When Data-Driven Decision-Making Leads to Bad Decision-Making and Worse Problem-Solving

Good data science begins with good questions.

Question:  Who owns the decision made by data-driven decision-making?  People at the beginning or the end of the algorithm-building process?  (Business Analysts, Application Architects, Developers)  People at the beginning or the end of the human implementation of the decision?

As a frequent flyer, I was both fascinated and horrified by what happened on United Airlines flight 3411 from Chicago to Louisville.   As reported, the flight had been fully boarded, when United Airlines decided that they needed to bump four boarded paying passengers in order to replace them with United employees who would be needed to crew a future flight in another location.  When the United gate agents couldn’t persuade passenger David Dao to “voluntarily” get off the plane, they summoned Chicago aviation police to put him into the hospital.  Dr. Dao’s fellow passengers recorded the event, and the videos “went viral.”  Matters were made worse when both United’s current CEO and its parent company’s former CEO made public statements that the public perceived to imply that a beating is what a passenger should expect if they push a contract dispute with the airline.  The consumer news cycle became dominated with analysis of the passenger videos. Meanwhile the business press criticized the CEO statements, the resulting PR crisis, and airline management’s clear problem with strategic vision.

The press has kept repeating a phrase that four passengers were “randomly selected” to be bumped off the flight.  The four passengers weren’t randomly selected, they were selected by an algorithm.  Airline experts have acknowledged that algorithms are used to select passengers primarily based upon frequent flyer status, ticket price, and passenger arrival time, as well as other factors such as handicap status.  In other words, passenger data is used to help drive a secret decision as to which passengers should be bumped.  In my opinion, the airline gate agents may have stuck to their perception that they were making a data-driven decision enforced by processes, when they should have been focused on solving a problem.  Effective problem-solving demands thinking and rewards creativity.  Effective problem-solving requires perspective.  The full problem may be more than just be the problem in front of you, but also the resulting issues in the future.  (In United’s case, a social media backlash in China over perceived abuse of an elder Asian-American had triggered Chinese government criticism in a place United perceives as important to strategic business growth.)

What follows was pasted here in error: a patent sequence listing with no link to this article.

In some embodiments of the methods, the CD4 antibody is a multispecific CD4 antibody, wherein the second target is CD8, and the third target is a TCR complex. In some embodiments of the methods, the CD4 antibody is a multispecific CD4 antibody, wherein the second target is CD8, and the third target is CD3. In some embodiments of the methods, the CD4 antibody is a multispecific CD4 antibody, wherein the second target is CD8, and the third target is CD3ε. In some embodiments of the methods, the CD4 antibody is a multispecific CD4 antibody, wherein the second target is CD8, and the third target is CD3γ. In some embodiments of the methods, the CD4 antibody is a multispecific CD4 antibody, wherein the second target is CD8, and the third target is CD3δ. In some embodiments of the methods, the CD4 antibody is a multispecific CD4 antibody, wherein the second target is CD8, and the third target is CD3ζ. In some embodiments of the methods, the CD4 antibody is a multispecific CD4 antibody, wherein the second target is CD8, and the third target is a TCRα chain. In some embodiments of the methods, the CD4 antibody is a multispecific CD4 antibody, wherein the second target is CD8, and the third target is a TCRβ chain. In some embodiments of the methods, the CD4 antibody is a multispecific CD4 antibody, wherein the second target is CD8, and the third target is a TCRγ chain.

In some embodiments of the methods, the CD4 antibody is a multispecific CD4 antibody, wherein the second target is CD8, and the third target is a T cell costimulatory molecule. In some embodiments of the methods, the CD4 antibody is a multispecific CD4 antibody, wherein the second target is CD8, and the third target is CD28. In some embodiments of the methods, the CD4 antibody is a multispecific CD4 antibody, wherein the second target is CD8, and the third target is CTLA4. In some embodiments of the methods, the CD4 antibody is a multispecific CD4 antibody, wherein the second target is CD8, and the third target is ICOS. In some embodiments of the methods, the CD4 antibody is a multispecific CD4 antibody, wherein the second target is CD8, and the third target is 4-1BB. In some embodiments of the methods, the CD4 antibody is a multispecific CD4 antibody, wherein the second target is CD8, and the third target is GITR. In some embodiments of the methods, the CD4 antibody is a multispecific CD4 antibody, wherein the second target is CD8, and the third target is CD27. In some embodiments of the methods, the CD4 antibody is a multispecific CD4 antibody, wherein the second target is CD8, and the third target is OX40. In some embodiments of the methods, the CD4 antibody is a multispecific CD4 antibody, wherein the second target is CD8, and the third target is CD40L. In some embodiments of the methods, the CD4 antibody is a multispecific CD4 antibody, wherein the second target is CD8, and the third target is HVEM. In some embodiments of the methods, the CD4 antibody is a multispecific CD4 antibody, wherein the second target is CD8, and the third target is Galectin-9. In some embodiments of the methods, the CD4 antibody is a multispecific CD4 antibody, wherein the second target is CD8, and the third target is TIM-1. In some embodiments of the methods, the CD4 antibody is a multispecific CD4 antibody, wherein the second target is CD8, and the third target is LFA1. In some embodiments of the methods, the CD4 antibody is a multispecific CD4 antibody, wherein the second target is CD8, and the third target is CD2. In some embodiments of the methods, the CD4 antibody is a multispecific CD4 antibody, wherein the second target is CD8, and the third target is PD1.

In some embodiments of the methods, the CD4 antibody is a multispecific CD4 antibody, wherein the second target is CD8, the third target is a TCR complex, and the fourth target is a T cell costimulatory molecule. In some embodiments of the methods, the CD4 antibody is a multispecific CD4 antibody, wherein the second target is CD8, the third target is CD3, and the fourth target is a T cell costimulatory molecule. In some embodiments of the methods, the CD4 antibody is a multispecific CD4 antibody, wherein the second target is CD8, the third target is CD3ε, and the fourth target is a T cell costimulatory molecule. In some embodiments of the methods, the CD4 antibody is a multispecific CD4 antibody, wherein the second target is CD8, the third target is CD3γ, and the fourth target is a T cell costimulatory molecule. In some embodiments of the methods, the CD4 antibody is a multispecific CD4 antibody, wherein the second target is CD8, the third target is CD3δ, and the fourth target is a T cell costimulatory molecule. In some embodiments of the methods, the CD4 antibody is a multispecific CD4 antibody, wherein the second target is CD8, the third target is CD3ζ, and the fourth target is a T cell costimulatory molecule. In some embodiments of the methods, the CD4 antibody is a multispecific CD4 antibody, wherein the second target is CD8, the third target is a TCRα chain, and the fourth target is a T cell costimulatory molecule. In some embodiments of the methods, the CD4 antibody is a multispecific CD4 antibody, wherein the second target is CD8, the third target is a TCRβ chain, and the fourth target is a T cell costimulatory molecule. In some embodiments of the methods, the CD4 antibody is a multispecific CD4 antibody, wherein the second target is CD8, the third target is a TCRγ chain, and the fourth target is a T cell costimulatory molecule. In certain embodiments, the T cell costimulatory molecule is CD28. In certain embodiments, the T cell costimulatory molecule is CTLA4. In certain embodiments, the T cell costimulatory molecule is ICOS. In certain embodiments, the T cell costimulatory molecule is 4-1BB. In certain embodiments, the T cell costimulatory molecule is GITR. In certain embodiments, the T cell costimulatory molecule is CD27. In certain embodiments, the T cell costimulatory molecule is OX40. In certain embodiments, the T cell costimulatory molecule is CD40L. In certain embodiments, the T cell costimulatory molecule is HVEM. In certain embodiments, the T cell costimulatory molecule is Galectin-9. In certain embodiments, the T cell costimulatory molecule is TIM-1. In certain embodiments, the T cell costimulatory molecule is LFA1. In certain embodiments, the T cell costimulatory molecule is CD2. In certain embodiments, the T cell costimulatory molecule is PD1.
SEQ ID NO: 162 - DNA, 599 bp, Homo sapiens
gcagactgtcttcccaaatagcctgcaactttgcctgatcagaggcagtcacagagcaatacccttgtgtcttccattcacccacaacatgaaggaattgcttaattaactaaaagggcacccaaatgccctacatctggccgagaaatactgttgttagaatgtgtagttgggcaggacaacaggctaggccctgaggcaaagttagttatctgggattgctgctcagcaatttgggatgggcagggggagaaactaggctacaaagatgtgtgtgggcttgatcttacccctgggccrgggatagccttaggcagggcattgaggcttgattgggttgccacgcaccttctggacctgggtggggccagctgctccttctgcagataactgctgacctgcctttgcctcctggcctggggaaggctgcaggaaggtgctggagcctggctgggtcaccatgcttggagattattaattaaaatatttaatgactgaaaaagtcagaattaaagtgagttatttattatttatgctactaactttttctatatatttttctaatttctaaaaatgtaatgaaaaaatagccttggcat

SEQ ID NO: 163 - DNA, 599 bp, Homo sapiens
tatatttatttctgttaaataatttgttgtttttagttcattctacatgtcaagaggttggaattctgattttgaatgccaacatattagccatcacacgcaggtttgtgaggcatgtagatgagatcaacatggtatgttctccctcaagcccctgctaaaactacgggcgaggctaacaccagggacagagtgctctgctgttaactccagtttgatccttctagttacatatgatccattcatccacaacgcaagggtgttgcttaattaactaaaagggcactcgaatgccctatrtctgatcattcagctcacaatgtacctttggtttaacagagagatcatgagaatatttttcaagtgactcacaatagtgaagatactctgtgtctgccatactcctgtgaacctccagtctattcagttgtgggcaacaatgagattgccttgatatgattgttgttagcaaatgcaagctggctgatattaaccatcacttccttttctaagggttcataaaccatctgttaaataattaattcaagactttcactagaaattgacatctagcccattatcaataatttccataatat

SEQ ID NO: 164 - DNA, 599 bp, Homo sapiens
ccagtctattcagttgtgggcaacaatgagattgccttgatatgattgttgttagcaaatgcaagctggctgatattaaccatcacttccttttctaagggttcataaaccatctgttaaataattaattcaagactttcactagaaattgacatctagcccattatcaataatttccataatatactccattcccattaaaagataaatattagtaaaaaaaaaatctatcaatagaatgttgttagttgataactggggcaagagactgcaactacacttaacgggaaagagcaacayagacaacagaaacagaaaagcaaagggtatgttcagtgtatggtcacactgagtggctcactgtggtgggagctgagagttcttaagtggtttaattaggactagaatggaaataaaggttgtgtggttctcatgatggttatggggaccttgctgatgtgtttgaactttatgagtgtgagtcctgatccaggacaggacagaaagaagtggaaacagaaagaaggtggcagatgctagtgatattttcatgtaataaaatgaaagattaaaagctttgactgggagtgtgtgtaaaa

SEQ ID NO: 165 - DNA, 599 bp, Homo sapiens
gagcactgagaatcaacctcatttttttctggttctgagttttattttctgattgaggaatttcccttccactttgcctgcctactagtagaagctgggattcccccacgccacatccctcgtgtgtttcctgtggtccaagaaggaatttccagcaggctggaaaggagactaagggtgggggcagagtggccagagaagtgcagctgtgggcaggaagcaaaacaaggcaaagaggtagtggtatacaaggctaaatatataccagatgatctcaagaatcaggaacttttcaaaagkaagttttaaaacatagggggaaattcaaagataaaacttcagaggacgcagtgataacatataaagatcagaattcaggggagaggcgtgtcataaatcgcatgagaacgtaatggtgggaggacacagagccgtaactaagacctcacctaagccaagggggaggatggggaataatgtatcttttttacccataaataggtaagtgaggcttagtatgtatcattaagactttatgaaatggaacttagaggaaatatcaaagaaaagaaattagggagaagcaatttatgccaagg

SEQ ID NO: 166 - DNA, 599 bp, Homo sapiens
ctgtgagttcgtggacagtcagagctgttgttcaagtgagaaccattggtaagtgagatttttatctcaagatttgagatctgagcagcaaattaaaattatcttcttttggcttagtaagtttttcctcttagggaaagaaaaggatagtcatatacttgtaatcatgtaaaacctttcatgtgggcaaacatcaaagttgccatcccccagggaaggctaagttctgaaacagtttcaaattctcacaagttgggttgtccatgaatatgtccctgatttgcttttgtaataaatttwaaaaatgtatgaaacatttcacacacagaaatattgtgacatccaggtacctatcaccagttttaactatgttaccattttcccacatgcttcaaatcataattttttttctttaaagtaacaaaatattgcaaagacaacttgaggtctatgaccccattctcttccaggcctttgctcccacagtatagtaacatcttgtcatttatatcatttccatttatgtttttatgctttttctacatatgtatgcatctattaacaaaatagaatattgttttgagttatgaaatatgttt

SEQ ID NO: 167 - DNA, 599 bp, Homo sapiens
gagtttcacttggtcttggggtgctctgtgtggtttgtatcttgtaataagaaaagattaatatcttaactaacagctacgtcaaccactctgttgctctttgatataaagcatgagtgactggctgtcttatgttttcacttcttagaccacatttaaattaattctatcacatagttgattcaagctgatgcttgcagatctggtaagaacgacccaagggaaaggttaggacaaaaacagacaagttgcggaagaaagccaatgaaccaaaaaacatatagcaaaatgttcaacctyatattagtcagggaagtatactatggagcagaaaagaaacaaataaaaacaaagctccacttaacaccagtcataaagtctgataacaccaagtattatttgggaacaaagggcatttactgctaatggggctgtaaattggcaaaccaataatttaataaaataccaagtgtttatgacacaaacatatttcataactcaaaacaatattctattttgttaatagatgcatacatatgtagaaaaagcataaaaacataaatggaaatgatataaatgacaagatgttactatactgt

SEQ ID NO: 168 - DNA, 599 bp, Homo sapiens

When building new data-driven decision-making processes, we must ensure that the humans making the actual decisions can see where the boundary is between decision-making and problem-solving.

Having spent years working with services contracts, I have gotten some chuckles reading consumer misconceptions voiced as social media comments.  Many commentators believe that an airline passenger is essentially buying or renting a part of an airplane.  In reality, passengers are entering into a complex contract for services, which the airlines call a “contract for carriage.”  Like most services contracts, these contracts for carriage include all kinds of terms covering both parties’ responsibilities.  While the mechanics of working with the airline include popular terms such as “reservation,” “flight,” and “seat,” the passenger is really contracting to be moved from Point A to Point B as the airline is best able.

(Image provided by geralt at Pixabay.)